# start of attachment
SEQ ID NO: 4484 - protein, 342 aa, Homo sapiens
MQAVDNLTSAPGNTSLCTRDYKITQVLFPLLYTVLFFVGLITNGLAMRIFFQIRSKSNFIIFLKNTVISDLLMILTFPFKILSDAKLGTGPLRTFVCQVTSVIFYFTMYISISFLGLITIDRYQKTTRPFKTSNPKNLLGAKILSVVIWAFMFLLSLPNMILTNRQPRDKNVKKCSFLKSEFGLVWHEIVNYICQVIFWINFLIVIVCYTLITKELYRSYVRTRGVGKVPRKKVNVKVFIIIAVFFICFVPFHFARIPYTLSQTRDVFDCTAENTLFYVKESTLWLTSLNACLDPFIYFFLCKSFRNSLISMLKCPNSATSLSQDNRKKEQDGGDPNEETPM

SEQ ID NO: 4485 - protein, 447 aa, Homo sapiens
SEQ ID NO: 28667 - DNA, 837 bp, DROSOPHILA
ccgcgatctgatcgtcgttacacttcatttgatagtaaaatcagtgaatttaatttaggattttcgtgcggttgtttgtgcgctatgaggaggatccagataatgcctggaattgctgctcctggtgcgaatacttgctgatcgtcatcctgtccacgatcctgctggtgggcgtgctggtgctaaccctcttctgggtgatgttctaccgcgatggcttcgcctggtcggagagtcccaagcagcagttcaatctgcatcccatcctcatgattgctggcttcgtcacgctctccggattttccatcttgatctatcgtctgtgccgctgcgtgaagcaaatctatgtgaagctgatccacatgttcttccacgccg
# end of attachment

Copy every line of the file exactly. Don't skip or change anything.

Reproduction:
SEQ ID NO: 4484 - protein, 342 aa, Homo sapiens
MQAVDNLTSAPGNTSLCTRDYKITQVLFPLLYTVLFFVGLITNGLAMRIFFQIRSKSNFIIFLKNTVISDLLMILTFPFKILSDAKLGTGPLRTFVCQVTSVIFYFTMYISISFLGLITIDRYQKTTRPFKTSNPKNLLGAKILSVVIWAFMFLLSLPNMILTNRQPRDKNVKKCSFLKSEFGLVWHEIVNYICQVIFWINFLIVIVCYTLITKELYRSYVRTRGVGKVPRKKVNVKVFIIIAVFFICFVPFHFARIPYTLSQTRDVFDCTAENTLFYVKESTLWLTSLNACLDPFIYFFLCKSFRNSLISMLKCPNSATSLSQDNRKKEQDGGDPNEETPM

SEQ ID NO: 4485 - protein, 447 aa, Homo sapiens
SEQ ID NO: 28667 - DNA, 837 bp, DROSOPHILA
ccgcgatctgatcgtcgttacacttcatttgatagtaaaatcagtgaatttaatttaggattttcgtgcggttgtttgtgcgctatgaggaggatccagataatgcctggaattgctgctcctggtgcgaatacttgctgatcgtcatcctgtccacgatcctgctggtgggcgtgctggtgctaaccctcttctgggtgatgttctaccgcgatggcttcgcctggtcggagagtcccaagcagcagttcaatctgcatcccatcctcatgattgctggcttcgtcacgctctccggattttccatcttgatctatcgtctgtgccgctgcgtgaagcaaatctatgtgaagctgatccacatgttcttccacgccg